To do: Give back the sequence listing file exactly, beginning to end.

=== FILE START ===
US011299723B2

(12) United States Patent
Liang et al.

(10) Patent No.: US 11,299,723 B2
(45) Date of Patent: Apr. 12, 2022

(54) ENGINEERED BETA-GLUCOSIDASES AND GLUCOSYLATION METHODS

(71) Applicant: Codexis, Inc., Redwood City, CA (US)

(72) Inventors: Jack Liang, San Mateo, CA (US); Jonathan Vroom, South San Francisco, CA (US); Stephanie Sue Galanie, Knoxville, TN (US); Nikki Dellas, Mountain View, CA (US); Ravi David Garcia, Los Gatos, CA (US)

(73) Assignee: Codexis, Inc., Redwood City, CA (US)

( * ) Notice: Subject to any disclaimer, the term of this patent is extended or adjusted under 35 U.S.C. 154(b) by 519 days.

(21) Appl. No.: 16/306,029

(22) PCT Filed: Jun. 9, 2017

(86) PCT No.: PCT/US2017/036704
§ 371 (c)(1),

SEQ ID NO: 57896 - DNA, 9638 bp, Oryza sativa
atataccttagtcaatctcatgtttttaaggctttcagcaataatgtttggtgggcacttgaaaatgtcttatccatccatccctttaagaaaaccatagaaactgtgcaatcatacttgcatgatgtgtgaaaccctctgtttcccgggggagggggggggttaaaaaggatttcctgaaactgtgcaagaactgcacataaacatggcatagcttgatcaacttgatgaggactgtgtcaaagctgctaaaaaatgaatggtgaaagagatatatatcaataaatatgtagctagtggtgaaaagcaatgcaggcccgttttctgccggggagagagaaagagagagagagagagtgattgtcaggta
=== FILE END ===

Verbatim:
US011299723B2

(12) United States Patent
Liang et al.

(10) Patent No.: US 11,299,723 B2
(45) Date of Patent: Apr. 12, 2022

(54) ENGINEERED BETA-GLUCOSIDASES AND GLUCOSYLATION METHODS

(71) Applicant: Codexis, Inc., Redwood City, CA (US)

(72) Inventors: Jack Liang, San Mateo, CA (US); Jonathan Vroom, South San Francisco, CA (US); Stephanie Sue Galanie, Knoxville, TN (US); Nikki Dellas, Mountain View, CA (US); Ravi David Garcia, Los Gatos, CA (US)

(73) Assignee: Codexis, Inc., Redwood City, CA (US)

( * ) Notice: Subject to any disclaimer, the term of this patent is extended or adjusted under 35 U.S.C. 154(b) by 519 days.

(21) Appl. No.: 16/306,029

(22) PCT Filed: Jun. 9, 2017

(86) PCT No.: PCT/US2017/036704
§ 371 (c)(1),

SEQ ID NO: 57896 - DNA, 9638 bp, Oryza sativa
atataccttagtcaatctcatgtttttaaggctttcagcaataatgtttggtgggcacttgaaaatgtcttatccatccatccctttaagaaaaccatagaaactgtgcaatcatacttgcatgatgtgtgaaaccctctgtttcccgggggagggggggggttaaaaaggatttcctgaaactgtgcaagaactgcacataaacatggcatagcttgatcaacttgatgaggactgtgtcaaagctgctaaaaaatgaatggtgaaagagatatatatcaataaatatgtagctagtggtgaaaagcaatgcaggcccgttttctgccggggagagagaaagagagagagagagagtgattgtcaggta